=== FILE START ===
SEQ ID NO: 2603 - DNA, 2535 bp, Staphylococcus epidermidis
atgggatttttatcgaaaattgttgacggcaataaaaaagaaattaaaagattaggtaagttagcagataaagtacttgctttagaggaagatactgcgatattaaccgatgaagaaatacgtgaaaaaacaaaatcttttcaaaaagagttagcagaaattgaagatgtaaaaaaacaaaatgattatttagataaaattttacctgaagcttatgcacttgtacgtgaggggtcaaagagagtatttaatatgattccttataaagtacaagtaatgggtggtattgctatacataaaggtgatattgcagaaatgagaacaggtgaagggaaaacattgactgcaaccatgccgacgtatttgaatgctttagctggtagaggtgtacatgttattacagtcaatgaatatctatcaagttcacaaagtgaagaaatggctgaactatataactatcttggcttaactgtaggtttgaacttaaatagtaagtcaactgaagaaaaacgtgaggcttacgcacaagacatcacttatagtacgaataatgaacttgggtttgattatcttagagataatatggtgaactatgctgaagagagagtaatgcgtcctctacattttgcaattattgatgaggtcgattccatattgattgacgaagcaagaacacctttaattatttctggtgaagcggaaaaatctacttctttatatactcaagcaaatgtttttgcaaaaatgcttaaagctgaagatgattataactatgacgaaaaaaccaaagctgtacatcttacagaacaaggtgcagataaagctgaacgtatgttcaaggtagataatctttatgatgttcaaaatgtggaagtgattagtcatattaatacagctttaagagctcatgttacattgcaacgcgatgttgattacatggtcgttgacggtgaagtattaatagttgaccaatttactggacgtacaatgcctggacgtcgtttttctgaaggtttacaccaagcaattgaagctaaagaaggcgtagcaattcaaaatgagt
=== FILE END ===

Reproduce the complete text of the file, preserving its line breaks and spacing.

SEQ ID NO: 2603 - DNA, 2535 bp, Staphylococcus epidermidis
atgggatttttatcgaaaattgttgacggcaataaaaaagaaattaaaagattaggtaagttagcagataaagtacttgctttagaggaagatactgcgatattaaccgatgaagaaatacgtgaaaaaacaaaatcttttcaaaaagagttagcagaaattgaagatgtaaaaaaacaaaatgattatttagataaaattttacctgaagcttatgcacttgtacgtgaggggtcaaagagagtatttaatatgattccttataaagtacaagtaatgggtggtattgctatacataaaggtgatattgcagaaatgagaacaggtgaagggaaaacattgactgcaaccatgccgacgtatttgaatgctttagctggtagaggtgtacatgttattacagtcaatgaatatctatcaagttcacaaagtgaagaaatggctgaactatataactatcttggcttaactgtaggtttgaacttaaatagtaagtcaactgaagaaaaacgtgaggcttacgcacaagacatcacttatagtacgaataatgaacttgggtttgattatcttagagataatatggtgaactatgctgaagagagagtaatgcgtcctctacattttgcaattattgatgaggtcgattccatattgattgacgaagcaagaacacctttaattatttctggtgaagcggaaaaatctacttctttatatactcaagcaaatgtttttgcaaaaatgcttaaagctgaagatgattataactatgacgaaaaaaccaaagctgtacatcttacagaacaaggtgcagataaagctgaacgtatgttcaaggtagataatctttatgatgttcaaaatgtggaagtgattagtcatattaatacagctttaagagctcatgttacattgcaacgcgatgttgattacatggtcgttgacggtgaagtattaatagttgaccaatttactggacgtacaatgcctggacgtcgtttttctgaaggtttacaccaagcaattgaagctaaagaaggcgtagcaattcaaaatgagt